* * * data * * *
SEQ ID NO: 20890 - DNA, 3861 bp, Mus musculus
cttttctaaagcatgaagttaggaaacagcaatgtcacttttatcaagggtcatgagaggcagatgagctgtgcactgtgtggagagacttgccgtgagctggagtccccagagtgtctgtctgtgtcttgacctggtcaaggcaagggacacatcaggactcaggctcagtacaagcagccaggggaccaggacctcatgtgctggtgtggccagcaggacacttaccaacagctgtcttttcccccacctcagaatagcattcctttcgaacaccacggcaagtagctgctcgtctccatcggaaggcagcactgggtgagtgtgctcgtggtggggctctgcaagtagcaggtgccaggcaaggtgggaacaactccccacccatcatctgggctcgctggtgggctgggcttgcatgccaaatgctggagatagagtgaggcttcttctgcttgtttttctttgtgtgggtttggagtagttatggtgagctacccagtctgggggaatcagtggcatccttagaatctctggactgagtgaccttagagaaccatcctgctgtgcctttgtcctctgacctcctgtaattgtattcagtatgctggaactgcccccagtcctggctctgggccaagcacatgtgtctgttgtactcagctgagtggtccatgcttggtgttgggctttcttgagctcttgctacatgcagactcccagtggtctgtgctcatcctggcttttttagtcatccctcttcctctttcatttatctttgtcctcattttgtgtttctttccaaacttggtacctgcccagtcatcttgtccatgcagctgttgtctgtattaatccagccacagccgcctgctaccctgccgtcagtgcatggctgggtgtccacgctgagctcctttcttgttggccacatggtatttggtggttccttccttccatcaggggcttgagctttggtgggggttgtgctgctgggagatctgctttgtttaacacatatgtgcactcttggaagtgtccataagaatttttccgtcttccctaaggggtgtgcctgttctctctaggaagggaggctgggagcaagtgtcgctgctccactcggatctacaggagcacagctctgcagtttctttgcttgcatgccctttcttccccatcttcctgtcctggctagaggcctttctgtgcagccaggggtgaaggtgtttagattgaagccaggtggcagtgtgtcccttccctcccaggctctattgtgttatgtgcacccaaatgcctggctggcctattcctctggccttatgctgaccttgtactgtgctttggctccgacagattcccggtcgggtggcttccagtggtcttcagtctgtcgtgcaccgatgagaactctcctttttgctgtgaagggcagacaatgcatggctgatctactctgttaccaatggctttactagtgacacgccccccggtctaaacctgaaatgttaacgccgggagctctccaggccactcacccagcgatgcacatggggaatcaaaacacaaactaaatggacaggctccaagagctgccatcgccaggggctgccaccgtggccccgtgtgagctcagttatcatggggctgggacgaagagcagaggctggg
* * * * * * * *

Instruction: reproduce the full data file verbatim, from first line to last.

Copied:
SEQ ID NO: 20890 - DNA, 3861 bp, Mus musculus
cttttctaaagcatgaagttaggaaacagcaatgtcacttttatcaagggtcatgagaggcagatgagctgtgcactgtgtggagagacttgccgtgagctggagtccccagagtgtctgtctgtgtcttgacctggtcaaggcaagggacacatcaggactcaggctcagtacaagcagccaggggaccaggacctcatgtgctggtgtggccagcaggacacttaccaacagctgtcttttcccccacctcagaatagcattcctttcgaacaccacggcaagtagctgctcgtctccatcggaaggcagcactgggtgagtgtgctcgtggtggggctctgcaagtagcaggtgccaggcaaggtgggaacaactccccacccatcatctgggctcgctggtgggctgggcttgcatgccaaatgctggagatagagtgaggcttcttctgcttgtttttctttgtgtgggtttggagtagttatggtgagctacccagtctgggggaatcagtggcatccttagaatctctggactgagtgaccttagagaaccatcctgctgtgcctttgtcctctgacctcctgtaattgtattcagtatgctggaactgcccccagtcctggctctgggccaagcacatgtgtctgttgtactcagctgagtggtccatgcttggtgttgggctttcttgagctcttgctacatgcagactcccagtggtctgtgctcatcctggcttttttagtcatccctcttcctctttcatttatctttgtcctcattttgtgtttctttccaaacttggtacctgcccagtcatcttgtccatgcagctgttgtctgtattaatccagccacagccgcctgctaccctgccgtcagtgcatggctgggtgtccacgctgagctcctttcttgttggccacatggtatttggtggttccttccttccatcaggggcttgagctttggtgggggttgtgctgctgggagatctgctttgtttaacacatatgtgcactcttggaagtgtccataagaatttttccgtcttccctaaggggtgtgcctgttctctctaggaagggaggctgggagcaagtgtcgctgctccactcggatctacaggagcacagctctgcagtttctttgcttgcatgccctttcttccccatcttcctgtcctggctagaggcctttctgtgcagccaggggtgaaggtgtttagattgaagccaggtggcagtgtgtcccttccctcccaggctctattgtgttatgtgcacccaaatgcctggctggcctattcctctggccttatgctgaccttgtactgtgctttggctccgacagattcccggtcgggtggcttccagtggtcttcagtctgtcgtgcaccgatgagaactctcctttttgctgtgaagggcagacaatgcatggctgatctactctgttaccaatggctttactagtgacacgccccccggtctaaacctgaaatgttaacgccgggagctctccaggccactcacccagcgatgcacatggggaatcaaaacacaaactaaatggacaggctccaagagctgccatcgccaggggctgccaccgtggccccgtgtgagctcagttatcatggggctgggacgaagagcagaggctggg